And some more reasy reading, because, why not? First up is a new Twitter account from Chris Lusto (Lustomatical), a high school teacher with interest in Mathematical Twitter. He’s constructed the Math-Twitter-Blog-o-Sphere Bot, which retweets postings of mathematics blogs. They’re drawn from his blogroll, and a set of posts comes up a couple of times per day. (I believe he’s running the bot manually, in case it starts malfunctioning, for now.) It could be a useful way to find something interesting to read, or if you’ve got your own mathematics blog, a way to let other folks know you want to be found interesting.

Also possibly of interest is Gregory Taylor’s **Any ~Qs** comic strip blog. Taylor is a high school teacher and an amateur cartoonist. He’s chosen the difficult task of drawing a comic about “math equations as people”. It’s always hard to do a narrowly focused web comic. You can see Taylor working out the challenges of writing and drawing so that both story and teaching purposes are clear. I would imagine, for example, people to giggle at least at “tangent pants” even if they’re not sure what a domain restriction would have to do with anything, or even necessarily mean. But it is neat to see someone trying to go beyond anthropomorphized numerals in a web comic. And, after all, Math With Bad Drawings has got the hang of it.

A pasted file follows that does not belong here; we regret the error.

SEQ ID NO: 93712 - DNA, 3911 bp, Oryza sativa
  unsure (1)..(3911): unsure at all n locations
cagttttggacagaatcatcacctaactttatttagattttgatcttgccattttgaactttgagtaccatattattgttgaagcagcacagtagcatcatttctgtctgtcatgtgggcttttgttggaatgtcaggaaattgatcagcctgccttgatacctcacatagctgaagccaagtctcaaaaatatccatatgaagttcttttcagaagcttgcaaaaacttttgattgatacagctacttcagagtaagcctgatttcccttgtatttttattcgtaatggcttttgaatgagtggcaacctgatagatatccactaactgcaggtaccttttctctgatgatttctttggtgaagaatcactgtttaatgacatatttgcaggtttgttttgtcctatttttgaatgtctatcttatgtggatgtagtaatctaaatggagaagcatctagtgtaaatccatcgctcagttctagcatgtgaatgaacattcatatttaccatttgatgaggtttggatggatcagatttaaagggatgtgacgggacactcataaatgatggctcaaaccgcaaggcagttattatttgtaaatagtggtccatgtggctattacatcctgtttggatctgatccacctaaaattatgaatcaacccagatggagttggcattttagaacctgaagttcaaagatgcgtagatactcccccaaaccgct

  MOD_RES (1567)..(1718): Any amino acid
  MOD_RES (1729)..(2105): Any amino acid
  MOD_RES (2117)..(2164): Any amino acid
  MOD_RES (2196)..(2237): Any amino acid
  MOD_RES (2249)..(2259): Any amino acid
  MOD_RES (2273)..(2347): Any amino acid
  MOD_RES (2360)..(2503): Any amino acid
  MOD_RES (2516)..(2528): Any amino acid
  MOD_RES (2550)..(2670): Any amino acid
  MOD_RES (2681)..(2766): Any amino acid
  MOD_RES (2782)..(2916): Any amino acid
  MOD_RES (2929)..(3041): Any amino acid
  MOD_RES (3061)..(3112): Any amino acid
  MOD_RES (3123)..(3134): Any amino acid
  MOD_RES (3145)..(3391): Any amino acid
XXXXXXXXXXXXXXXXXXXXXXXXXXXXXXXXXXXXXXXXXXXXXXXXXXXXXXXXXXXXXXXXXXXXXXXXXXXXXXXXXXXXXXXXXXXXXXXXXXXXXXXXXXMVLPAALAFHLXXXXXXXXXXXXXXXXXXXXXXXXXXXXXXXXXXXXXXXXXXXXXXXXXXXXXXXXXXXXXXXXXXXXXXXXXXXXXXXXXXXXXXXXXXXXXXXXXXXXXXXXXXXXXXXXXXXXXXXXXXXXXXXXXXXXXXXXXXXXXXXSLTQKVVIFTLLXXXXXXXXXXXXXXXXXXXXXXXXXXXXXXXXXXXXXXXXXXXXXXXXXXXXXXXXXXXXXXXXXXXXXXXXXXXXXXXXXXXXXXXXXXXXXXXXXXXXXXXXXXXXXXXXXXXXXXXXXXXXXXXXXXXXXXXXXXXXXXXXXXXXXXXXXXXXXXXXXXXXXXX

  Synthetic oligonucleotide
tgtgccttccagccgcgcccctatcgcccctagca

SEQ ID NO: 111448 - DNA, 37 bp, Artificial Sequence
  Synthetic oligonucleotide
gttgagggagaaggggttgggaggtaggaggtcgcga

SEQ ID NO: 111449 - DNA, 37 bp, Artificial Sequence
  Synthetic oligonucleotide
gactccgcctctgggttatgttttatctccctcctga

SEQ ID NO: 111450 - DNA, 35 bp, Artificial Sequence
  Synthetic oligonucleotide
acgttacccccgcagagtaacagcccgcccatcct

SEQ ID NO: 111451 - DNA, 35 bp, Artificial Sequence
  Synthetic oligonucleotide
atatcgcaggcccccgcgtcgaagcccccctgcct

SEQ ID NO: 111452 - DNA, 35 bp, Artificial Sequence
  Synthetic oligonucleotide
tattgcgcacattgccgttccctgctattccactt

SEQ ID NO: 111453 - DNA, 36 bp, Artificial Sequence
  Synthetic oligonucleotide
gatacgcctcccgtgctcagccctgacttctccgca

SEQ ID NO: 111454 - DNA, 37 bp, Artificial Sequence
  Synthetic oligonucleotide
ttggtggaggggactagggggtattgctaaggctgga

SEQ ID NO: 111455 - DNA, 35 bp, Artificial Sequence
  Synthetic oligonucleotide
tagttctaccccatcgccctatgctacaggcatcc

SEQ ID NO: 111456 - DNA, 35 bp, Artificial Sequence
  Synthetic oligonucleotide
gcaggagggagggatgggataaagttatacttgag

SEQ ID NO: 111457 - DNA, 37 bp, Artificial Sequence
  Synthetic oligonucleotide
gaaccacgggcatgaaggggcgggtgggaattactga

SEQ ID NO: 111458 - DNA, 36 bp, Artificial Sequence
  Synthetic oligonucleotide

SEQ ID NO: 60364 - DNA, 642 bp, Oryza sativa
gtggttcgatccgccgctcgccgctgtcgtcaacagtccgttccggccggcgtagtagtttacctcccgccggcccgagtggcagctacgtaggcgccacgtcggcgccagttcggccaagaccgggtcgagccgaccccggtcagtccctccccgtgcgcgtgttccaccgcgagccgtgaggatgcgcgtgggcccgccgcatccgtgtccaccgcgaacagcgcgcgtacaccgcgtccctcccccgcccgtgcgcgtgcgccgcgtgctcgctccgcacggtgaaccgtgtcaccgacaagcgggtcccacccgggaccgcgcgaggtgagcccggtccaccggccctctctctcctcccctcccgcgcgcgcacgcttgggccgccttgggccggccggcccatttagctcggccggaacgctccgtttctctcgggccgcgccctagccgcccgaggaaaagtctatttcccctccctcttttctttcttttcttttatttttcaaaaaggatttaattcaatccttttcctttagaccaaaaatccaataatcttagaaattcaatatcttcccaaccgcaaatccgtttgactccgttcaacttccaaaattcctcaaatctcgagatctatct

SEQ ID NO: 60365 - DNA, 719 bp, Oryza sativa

Finally, an article published in **Notices of the American Mathematical Society**, and which I found by some reference now lost to me. The essay, “Knots in the Nursery:(Cats) Cradle Song of James Clerk Maxwell”, is by Professor Daniel S Silver. It’s about the origins of knot theory, and particularly of a poem composed by James Clerk Maxwell. Knot theory was pioneered in the late 19th century by Peter Guthrie Tait. Maxwell is the fellow behind Maxwell’s Equations, the description of how electricity and magnetism propagate and affect one another. Maxwell’s also renowned in statistical mechanics circles for explaining, among other things, how the rings of Saturn could work. And it turns out he could write nice bits of doggerel, with references Silver usefully decodes. It’s worth reading for the mathematical-history content.

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